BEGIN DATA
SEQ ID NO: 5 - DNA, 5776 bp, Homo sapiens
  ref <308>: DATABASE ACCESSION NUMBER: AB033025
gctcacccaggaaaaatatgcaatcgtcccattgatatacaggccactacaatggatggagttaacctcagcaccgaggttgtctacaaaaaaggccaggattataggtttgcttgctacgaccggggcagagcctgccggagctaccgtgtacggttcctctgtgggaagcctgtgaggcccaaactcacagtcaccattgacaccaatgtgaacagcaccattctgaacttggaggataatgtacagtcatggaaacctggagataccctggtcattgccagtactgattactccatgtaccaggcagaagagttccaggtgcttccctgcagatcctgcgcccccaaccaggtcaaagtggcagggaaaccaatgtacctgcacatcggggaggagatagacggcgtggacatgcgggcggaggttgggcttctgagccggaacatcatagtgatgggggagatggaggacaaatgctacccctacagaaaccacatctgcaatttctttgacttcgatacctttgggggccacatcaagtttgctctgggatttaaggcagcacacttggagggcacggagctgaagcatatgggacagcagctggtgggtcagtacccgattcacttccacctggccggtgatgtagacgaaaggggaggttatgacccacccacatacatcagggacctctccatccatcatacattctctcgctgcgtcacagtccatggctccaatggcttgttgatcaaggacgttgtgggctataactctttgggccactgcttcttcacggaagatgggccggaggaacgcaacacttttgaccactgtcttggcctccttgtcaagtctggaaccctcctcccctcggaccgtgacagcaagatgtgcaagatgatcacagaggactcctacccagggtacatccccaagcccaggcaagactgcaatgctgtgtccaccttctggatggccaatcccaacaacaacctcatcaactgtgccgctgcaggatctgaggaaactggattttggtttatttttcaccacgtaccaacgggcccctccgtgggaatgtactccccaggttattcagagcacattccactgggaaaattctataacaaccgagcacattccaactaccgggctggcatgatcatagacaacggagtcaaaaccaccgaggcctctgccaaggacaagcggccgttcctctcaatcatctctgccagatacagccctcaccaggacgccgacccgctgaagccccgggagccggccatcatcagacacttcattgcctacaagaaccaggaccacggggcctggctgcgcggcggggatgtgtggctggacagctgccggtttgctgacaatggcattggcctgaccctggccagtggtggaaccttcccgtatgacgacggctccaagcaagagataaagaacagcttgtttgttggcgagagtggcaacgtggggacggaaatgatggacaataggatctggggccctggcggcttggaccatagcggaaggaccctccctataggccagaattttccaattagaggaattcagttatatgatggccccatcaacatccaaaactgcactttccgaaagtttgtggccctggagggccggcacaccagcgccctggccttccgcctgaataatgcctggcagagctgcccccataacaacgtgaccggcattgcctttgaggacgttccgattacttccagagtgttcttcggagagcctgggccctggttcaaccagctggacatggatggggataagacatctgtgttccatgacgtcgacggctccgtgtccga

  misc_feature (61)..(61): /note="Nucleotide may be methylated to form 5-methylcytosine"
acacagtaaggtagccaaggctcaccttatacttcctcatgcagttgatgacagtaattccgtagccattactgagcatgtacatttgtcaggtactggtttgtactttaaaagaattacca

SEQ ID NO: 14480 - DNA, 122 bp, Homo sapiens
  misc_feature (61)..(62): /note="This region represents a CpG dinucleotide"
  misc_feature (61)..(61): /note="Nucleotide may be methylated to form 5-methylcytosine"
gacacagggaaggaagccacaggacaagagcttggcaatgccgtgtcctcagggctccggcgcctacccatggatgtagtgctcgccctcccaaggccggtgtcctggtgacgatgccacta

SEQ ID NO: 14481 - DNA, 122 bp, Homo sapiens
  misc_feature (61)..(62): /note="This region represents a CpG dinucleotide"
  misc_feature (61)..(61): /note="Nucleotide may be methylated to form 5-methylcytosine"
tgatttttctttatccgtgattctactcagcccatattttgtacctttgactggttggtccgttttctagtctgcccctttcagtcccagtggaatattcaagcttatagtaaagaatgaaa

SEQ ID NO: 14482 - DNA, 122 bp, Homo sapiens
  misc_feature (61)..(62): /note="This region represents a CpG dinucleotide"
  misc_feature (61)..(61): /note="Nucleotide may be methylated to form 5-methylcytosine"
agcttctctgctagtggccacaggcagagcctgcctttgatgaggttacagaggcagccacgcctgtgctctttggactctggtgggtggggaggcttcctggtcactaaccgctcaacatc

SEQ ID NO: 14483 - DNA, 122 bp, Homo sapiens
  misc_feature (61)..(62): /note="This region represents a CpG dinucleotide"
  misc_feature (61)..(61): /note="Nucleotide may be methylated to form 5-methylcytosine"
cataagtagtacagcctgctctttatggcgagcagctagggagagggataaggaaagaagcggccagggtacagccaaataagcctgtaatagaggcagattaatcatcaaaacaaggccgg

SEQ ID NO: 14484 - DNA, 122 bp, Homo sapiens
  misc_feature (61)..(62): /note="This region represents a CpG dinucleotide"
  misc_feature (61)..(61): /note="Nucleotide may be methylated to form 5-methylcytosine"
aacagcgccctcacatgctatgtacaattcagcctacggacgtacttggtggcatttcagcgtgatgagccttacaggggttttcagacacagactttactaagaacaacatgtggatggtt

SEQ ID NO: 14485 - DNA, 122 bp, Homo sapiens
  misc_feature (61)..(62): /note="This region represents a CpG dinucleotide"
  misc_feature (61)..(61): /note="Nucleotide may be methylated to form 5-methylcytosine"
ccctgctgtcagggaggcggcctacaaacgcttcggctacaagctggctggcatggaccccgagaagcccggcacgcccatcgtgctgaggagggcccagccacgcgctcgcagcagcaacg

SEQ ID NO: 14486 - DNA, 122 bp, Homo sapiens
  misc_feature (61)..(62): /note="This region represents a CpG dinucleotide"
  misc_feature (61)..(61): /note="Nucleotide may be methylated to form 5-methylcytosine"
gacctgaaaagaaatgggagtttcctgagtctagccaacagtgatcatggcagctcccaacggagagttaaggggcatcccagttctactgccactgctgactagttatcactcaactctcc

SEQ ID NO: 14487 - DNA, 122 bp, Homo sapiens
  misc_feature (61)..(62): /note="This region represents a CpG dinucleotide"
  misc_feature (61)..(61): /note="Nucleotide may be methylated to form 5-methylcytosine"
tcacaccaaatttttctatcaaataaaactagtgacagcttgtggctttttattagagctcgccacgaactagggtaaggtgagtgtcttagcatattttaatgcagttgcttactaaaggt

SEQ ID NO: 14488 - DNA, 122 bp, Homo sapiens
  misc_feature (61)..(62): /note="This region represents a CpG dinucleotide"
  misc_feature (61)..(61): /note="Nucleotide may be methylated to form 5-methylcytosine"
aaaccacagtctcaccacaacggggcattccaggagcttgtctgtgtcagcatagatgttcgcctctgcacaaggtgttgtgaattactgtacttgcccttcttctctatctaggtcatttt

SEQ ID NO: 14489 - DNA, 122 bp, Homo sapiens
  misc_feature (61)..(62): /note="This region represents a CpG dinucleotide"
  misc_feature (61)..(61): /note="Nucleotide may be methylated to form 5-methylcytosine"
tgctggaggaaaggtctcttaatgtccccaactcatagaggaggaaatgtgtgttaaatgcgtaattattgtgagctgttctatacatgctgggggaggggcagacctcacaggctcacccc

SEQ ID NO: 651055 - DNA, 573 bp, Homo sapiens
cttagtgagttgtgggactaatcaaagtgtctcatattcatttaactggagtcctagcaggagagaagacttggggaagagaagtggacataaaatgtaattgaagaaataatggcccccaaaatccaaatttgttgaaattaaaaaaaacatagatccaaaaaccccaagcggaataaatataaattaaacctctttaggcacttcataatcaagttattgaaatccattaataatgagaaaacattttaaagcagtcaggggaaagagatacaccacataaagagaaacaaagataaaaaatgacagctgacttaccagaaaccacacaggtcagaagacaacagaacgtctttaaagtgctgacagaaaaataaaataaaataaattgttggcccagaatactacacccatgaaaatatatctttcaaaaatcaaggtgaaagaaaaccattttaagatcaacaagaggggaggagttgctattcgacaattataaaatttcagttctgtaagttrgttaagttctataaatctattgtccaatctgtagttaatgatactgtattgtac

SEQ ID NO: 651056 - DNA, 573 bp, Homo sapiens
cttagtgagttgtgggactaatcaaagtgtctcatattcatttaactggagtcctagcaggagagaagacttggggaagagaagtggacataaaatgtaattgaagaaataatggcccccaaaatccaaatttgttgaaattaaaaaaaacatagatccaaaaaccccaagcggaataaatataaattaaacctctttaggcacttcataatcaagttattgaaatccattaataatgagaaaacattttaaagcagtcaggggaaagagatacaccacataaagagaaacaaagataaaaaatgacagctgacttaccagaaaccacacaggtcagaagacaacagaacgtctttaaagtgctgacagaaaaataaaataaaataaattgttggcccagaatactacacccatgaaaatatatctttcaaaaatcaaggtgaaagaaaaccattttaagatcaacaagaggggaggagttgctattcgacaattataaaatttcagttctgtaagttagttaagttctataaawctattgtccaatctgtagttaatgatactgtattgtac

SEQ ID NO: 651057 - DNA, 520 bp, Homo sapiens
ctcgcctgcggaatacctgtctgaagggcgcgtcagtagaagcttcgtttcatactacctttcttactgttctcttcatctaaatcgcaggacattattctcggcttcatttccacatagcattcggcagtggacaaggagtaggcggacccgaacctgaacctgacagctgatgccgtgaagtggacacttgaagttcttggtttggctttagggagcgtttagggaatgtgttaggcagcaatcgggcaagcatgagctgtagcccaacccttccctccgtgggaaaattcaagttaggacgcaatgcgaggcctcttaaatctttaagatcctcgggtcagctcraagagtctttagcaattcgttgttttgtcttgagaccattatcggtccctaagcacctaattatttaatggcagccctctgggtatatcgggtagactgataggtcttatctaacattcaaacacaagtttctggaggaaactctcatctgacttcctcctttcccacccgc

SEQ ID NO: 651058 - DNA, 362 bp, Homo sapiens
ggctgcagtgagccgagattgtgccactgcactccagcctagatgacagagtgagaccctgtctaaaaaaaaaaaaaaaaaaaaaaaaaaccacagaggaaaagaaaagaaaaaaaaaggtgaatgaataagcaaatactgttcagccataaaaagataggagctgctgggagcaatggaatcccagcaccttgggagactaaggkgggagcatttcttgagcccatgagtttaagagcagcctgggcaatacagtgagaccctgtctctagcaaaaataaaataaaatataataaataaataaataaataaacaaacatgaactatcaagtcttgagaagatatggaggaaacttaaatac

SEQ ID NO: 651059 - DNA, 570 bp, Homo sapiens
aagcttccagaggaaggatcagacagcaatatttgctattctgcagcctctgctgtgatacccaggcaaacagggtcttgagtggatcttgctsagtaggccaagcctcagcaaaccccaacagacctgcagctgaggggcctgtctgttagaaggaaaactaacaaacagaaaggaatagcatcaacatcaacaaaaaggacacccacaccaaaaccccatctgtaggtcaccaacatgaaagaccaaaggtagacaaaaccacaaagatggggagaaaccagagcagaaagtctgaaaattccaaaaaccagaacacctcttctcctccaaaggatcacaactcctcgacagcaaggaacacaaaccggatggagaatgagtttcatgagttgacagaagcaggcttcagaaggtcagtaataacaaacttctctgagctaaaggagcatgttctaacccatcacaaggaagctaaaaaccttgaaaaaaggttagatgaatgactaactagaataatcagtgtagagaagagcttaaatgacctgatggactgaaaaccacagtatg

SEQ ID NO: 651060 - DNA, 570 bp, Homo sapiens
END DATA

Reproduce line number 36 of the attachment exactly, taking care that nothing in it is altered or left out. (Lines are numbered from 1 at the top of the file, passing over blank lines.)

  misc_feature (61)..(61): /note="Nucleotide may be methylated to form 5-methylcytosine"